Wednesday, Nov. 30:
AM Psalm 119:1-24; PM Psalm 12, 13, 14;
Amos 3:12—4:5; 2 Pet. 3:1-10; Matt. 21:23-32
Francis of Assisi lived in a world divided even more starkly by social distinctions
than our own. He continually marveled that the Lord of the universe
had chosen to enter into his creation in such a meek fashion. As Thomas of
Celano put it, “So thoroughly did the humility of the Incarnation and the charity
of the Passion occupy his memory that he scarcely wanted to think of anything
In Advent 1223, toward the end of his life and ministry, Francis sought to share
his awe at Christ’s birth. The reenactment of the nativity that he orchestrated
at the tiny town of Greccio has now been repeated countless times around the
world. But Francis’ original crèche has become an object of special contemplation for me—both inspiring and convicting.
I keep my nativity scene in a box in the attic with all of the other Christmas
decorations. My parents have been helping us to build our collection, and we
now have shepherds, angels, magi, and even a few Old Testament prophets. It is
a handsome set, and we give it central billing over the kids’ Fisher Price nativity
and the stone figurines from Peru that we received as a wedding gift. Fifteen days before Christmas, Francis made plans “to enact the memory of that babe who was born in Bethlehem: to see as much as is possible with my own bodily eyes the discomfort of his infant needs, how he lay in a manger, and how, with an ox and an ass standing by, he rested on hay.” Francis may have recruited
a local couple to stand in as Mary and Joseph, but Thomas mentions only a manger and draft animals in the stripped-down crèche, where “simplicity is given a place of honor, poverty is exalted, [and] humility is commended.”
I worked my way up the ladder in the Christmas Eve pageant as a child—from
a member of the angel choir all the way up to Joseph. Joseph’s carpet beard so
irritated my face that it left a permanent scar. The beard was one of hundreds
of props; there were bells for the pages, costumes for the camels, sequined wings
for Gabriel, and a splendid Star of Bethlehem. After we acted out Luke’s Gospel
account, we stood still while family members snapped pictures.
Once Francis had read the Gospel, he preached, pouring “forth sweet honey
about the birth of the poor King.” Then, “over the manger the solemnities of the
Mass [were] celebrated,” and the presiding priest welcomed Christ in the bread
and wine. One witness then had a vision of Francis approaching the manger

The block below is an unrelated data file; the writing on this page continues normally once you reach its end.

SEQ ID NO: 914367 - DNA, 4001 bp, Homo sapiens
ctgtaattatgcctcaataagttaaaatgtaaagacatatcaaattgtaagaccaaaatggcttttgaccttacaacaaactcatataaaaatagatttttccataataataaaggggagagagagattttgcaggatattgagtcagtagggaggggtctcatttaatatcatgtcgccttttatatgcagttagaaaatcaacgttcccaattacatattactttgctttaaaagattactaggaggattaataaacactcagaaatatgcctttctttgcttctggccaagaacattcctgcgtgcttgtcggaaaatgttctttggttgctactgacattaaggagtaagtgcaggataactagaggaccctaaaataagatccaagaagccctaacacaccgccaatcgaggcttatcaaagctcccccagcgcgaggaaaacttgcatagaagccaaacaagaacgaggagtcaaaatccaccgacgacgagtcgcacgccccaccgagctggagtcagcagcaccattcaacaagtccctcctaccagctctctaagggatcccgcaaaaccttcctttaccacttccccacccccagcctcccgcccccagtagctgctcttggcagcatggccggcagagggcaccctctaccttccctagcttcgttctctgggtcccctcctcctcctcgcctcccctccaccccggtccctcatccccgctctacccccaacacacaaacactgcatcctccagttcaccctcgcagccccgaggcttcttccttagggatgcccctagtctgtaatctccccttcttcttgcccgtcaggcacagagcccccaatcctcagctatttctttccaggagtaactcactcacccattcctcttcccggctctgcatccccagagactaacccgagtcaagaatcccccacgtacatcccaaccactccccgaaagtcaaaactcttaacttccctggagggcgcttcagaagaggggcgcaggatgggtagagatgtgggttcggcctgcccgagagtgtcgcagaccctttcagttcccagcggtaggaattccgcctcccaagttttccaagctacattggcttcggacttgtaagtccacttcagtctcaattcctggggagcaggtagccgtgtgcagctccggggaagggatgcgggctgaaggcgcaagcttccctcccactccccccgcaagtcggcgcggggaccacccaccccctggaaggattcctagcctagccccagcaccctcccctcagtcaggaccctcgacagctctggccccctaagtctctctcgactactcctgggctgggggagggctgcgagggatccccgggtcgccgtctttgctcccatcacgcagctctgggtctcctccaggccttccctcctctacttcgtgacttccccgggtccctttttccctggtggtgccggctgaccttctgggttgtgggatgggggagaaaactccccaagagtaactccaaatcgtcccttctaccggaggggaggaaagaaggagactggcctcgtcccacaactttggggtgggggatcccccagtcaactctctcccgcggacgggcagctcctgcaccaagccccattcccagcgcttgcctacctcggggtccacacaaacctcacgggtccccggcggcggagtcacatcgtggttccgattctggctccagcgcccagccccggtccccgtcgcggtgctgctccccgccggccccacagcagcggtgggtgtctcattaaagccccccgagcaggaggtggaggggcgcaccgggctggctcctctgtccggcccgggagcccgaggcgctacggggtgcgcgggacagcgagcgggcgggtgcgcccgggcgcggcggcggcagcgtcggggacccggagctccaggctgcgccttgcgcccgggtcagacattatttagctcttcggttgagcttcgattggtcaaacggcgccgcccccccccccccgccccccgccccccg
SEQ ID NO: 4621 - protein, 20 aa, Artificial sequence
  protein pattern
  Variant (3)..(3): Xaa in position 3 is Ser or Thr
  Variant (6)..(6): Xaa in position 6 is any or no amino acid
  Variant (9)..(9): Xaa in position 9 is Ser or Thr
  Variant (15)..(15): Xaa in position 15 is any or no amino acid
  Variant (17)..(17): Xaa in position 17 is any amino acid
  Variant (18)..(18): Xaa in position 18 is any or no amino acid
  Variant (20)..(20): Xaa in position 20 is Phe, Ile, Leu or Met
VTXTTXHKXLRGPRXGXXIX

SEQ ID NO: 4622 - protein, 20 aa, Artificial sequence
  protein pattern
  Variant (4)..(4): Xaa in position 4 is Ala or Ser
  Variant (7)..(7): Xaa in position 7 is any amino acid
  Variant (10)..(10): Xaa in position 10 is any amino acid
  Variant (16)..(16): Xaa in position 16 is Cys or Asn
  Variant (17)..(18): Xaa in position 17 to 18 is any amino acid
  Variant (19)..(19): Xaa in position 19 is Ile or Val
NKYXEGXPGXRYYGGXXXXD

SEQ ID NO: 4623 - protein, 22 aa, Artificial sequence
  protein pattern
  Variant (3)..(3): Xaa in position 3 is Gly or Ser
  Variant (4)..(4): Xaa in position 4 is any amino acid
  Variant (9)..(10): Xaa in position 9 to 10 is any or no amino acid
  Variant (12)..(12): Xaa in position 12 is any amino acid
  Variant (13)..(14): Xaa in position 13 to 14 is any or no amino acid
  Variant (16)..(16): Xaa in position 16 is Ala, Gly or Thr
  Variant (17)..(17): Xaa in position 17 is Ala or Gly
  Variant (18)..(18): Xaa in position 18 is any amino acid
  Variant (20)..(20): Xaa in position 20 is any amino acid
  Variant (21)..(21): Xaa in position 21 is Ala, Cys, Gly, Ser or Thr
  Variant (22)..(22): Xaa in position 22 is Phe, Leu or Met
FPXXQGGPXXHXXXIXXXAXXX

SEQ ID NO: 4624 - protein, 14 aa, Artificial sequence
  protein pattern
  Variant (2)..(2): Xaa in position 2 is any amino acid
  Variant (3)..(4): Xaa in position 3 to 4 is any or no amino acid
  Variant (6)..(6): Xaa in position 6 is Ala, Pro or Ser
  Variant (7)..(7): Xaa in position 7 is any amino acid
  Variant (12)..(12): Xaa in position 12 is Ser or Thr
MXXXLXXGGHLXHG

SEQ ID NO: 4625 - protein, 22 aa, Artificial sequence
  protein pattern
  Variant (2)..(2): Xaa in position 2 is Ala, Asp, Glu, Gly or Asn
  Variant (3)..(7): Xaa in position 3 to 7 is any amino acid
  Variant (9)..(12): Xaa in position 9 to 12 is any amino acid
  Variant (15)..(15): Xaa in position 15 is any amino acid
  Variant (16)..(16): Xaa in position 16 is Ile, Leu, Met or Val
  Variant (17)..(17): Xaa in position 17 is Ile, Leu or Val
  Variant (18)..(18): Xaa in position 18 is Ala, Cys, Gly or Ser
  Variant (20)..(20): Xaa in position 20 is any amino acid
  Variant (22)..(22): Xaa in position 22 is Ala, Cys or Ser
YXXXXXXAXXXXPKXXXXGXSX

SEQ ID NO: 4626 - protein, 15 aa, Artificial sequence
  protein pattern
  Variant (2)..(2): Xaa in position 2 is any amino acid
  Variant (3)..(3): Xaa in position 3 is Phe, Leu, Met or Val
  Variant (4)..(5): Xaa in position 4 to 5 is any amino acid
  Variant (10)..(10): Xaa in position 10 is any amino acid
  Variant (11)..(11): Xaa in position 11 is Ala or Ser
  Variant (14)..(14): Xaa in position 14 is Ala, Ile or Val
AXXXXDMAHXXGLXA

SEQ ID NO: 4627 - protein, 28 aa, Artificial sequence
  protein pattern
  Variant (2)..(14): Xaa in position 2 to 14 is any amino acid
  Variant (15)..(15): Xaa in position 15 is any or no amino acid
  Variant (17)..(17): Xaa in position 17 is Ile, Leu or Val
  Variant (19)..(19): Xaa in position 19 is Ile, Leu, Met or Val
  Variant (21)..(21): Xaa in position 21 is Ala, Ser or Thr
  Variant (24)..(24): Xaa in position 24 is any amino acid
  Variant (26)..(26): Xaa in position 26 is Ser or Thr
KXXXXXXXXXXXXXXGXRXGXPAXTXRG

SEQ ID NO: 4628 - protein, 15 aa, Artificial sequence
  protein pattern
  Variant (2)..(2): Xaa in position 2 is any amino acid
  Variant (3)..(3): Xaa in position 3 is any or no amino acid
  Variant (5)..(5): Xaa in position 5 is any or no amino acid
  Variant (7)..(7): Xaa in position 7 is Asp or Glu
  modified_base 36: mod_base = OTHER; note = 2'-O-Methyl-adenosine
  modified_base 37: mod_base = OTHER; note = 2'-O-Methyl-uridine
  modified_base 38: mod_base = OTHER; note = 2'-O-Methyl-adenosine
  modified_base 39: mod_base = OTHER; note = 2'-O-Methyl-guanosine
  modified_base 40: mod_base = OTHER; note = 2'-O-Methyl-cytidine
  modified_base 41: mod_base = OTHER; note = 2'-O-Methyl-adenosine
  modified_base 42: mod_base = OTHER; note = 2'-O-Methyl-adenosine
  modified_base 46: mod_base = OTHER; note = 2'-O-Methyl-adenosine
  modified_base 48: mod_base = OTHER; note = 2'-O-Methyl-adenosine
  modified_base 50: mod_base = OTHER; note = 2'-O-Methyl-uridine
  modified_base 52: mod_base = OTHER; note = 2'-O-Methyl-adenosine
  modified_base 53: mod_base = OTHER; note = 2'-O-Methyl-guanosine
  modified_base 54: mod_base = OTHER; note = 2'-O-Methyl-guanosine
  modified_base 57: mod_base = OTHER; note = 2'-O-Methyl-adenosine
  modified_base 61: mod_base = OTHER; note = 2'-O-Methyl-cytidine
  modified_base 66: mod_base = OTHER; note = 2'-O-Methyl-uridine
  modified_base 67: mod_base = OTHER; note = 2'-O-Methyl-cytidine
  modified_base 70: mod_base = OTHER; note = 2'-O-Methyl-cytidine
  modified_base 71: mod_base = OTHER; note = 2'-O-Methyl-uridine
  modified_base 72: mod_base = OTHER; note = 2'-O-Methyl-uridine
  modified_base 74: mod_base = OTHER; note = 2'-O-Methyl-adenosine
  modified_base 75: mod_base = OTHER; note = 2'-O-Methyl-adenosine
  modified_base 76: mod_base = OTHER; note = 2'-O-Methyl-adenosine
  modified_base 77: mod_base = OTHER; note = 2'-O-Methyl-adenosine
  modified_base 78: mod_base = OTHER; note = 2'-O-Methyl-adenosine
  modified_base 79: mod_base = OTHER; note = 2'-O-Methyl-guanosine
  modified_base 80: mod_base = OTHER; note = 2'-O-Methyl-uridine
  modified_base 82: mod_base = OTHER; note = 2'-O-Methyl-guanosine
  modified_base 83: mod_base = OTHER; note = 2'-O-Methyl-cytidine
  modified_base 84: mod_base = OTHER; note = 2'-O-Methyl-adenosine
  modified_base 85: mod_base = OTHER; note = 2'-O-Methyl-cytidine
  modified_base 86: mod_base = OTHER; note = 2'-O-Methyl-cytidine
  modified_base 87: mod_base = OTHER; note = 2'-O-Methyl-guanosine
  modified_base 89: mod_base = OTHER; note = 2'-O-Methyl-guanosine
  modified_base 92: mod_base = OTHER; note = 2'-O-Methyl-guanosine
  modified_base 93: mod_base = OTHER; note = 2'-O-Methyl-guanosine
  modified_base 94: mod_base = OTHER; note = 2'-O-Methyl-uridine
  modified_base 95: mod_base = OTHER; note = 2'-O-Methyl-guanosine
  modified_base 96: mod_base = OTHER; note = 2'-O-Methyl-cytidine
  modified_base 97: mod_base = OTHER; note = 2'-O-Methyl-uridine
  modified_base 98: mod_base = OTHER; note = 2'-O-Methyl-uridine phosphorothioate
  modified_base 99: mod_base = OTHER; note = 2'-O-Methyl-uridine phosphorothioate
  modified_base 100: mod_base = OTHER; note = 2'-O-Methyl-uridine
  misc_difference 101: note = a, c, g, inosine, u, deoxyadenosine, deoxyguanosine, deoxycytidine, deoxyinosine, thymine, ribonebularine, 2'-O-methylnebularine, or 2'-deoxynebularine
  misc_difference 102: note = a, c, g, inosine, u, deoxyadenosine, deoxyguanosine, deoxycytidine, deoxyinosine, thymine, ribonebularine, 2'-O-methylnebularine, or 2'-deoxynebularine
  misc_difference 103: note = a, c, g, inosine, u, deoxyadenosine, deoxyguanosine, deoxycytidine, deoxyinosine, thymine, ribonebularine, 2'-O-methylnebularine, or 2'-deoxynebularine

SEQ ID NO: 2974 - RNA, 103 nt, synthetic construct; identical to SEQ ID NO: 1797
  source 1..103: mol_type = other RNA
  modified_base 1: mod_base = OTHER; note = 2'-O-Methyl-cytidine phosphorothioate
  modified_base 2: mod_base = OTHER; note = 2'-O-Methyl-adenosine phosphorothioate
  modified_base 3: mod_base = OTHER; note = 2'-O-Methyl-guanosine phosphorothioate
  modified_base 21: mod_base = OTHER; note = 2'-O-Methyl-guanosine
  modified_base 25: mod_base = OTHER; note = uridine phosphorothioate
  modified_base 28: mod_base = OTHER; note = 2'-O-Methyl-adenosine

and gently rousing a lifeless child. “Nor is this vision unfitting,” Thomas mused,
“since in the hearts of many the child Jesus has been given over to oblivion. Now he is awakened and impressed on their loving memory by His own grace through His holy servant Francis.”
My father still prepares oysters every Christmas, and Dana fills our own home
with cookies and other seasonal treats. Like many Americans, we eat like kings
and queens throughout the season.
Francis had a collaborator at Greccio, a man named John, who “despite being a
noble in the land and very honored in human society…had trampled the nobility
of the flesh under his feet and pursued instead the nobility of the spirit.” After
the Mass, John provided the faithful with a bountiful feast. Francis later proposed that the rich should feed the poor every Christmas Day, and that Christians should give their draft animals double rations.
The pilgrims at Greccio filled the forest with the sounds of their worship, “ecstatic at this new mystery of new joy.” Their candles, torches, and love of God made the night “lit up like day, delighting both man and beast.” Amen.
*Thomas of Celano was one of Francis’ first biographers. All of the quotations
above are from his Life of Saint Francis, though I have also drawn on other accounts.
(Today’s exercise: All throughout the day pay careful attention to all the animals
that cross your path. Look at the “creepy crawlies.” Notice the birds that
fly above you. Watch the way fish move. Observe the movement of mammals
and other animals that roam nearby, perhaps even in your own house. Note
how “fearfully and magically” they are made. See how extravagantly God has
“clothed” them. Say a prayer of thanks for these creatures of God.)